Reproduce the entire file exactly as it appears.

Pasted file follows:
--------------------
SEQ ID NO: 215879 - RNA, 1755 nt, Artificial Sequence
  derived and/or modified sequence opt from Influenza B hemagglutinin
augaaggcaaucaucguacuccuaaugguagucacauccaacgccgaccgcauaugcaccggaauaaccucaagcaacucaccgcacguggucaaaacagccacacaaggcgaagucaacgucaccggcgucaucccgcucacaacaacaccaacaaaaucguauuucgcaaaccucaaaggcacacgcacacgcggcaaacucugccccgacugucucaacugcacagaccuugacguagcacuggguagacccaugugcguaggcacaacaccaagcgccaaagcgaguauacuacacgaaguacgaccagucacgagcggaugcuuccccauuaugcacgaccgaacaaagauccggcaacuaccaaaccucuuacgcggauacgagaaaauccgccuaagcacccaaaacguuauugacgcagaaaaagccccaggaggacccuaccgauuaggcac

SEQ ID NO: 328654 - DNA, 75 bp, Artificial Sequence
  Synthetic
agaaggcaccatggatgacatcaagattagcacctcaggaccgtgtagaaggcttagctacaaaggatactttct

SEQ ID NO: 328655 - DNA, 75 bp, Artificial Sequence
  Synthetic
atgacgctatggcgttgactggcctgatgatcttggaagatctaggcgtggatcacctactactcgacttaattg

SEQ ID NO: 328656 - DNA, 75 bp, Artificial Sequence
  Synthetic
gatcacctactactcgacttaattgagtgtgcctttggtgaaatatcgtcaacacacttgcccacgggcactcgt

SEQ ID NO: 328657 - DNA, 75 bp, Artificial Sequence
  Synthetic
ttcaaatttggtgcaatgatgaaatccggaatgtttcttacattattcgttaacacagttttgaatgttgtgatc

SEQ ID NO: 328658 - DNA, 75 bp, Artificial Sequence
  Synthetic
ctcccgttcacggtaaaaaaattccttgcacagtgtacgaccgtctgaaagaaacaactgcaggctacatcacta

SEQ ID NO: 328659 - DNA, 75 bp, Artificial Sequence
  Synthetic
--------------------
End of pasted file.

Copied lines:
SEQ ID NO: 215879 - RNA, 1755 nt, Artificial Sequence
  derived and/or modified sequence opt from Influenza B hemagglutinin
augaaggcaaucaucguacuccuaaugguagucacauccaacgccgaccgcauaugcaccggaauaaccucaagcaacucaccgcacguggucaaaacagccacacaaggcgaagucaacgucaccggcgucaucccgcucacaacaacaccaacaaaaucguauuucgcaaaccucaaaggcacacgcacacgcggcaaacucugccccgacugucucaacugcacagaccuugacguagcacuggguagacccaugugcguaggcacaacaccaagcgccaaagcgaguauacuacacgaaguacgaccagucacgagcggaugcuuccccauuaugcacgaccgaacaaagauccggcaacuaccaaaccucuuacgcggauacgagaaaauccgccuaagcacccaaaacguuauugacgcagaaaaagccccaggaggacccuaccgauuaggcac

SEQ ID NO: 328654 - DNA, 75 bp, Artificial Sequence
  Synthetic
agaaggcaccatggatgacatcaagattagcacctcaggaccgtgtagaaggcttagctacaaaggatactttct

SEQ ID NO: 328655 - DNA, 75 bp, Artificial Sequence
  Synthetic
atgacgctatggcgttgactggcctgatgatcttggaagatctaggcgtggatcacctactactcgacttaattg

SEQ ID NO: 328656 - DNA, 75 bp, Artificial Sequence
  Synthetic
gatcacctactactcgacttaattgagtgtgcctttggtgaaatatcgtcaacacacttgcccacgggcactcgt

SEQ ID NO: 328657 - DNA, 75 bp, Artificial Sequence
  Synthetic
ttcaaatttggtgcaatgatgaaatccggaatgtttcttacattattcgttaacacagttttgaatgttgtgatc

SEQ ID NO: 328658 - DNA, 75 bp, Artificial Sequence
  Synthetic
ctcccgttcacggtaaaaaaattccttgcacagtgtacgaccgtctgaaagaaacaactgcaggctacatcacta

SEQ ID NO: 328659 - DNA, 75 bp, Artificial Sequence
  Synthetic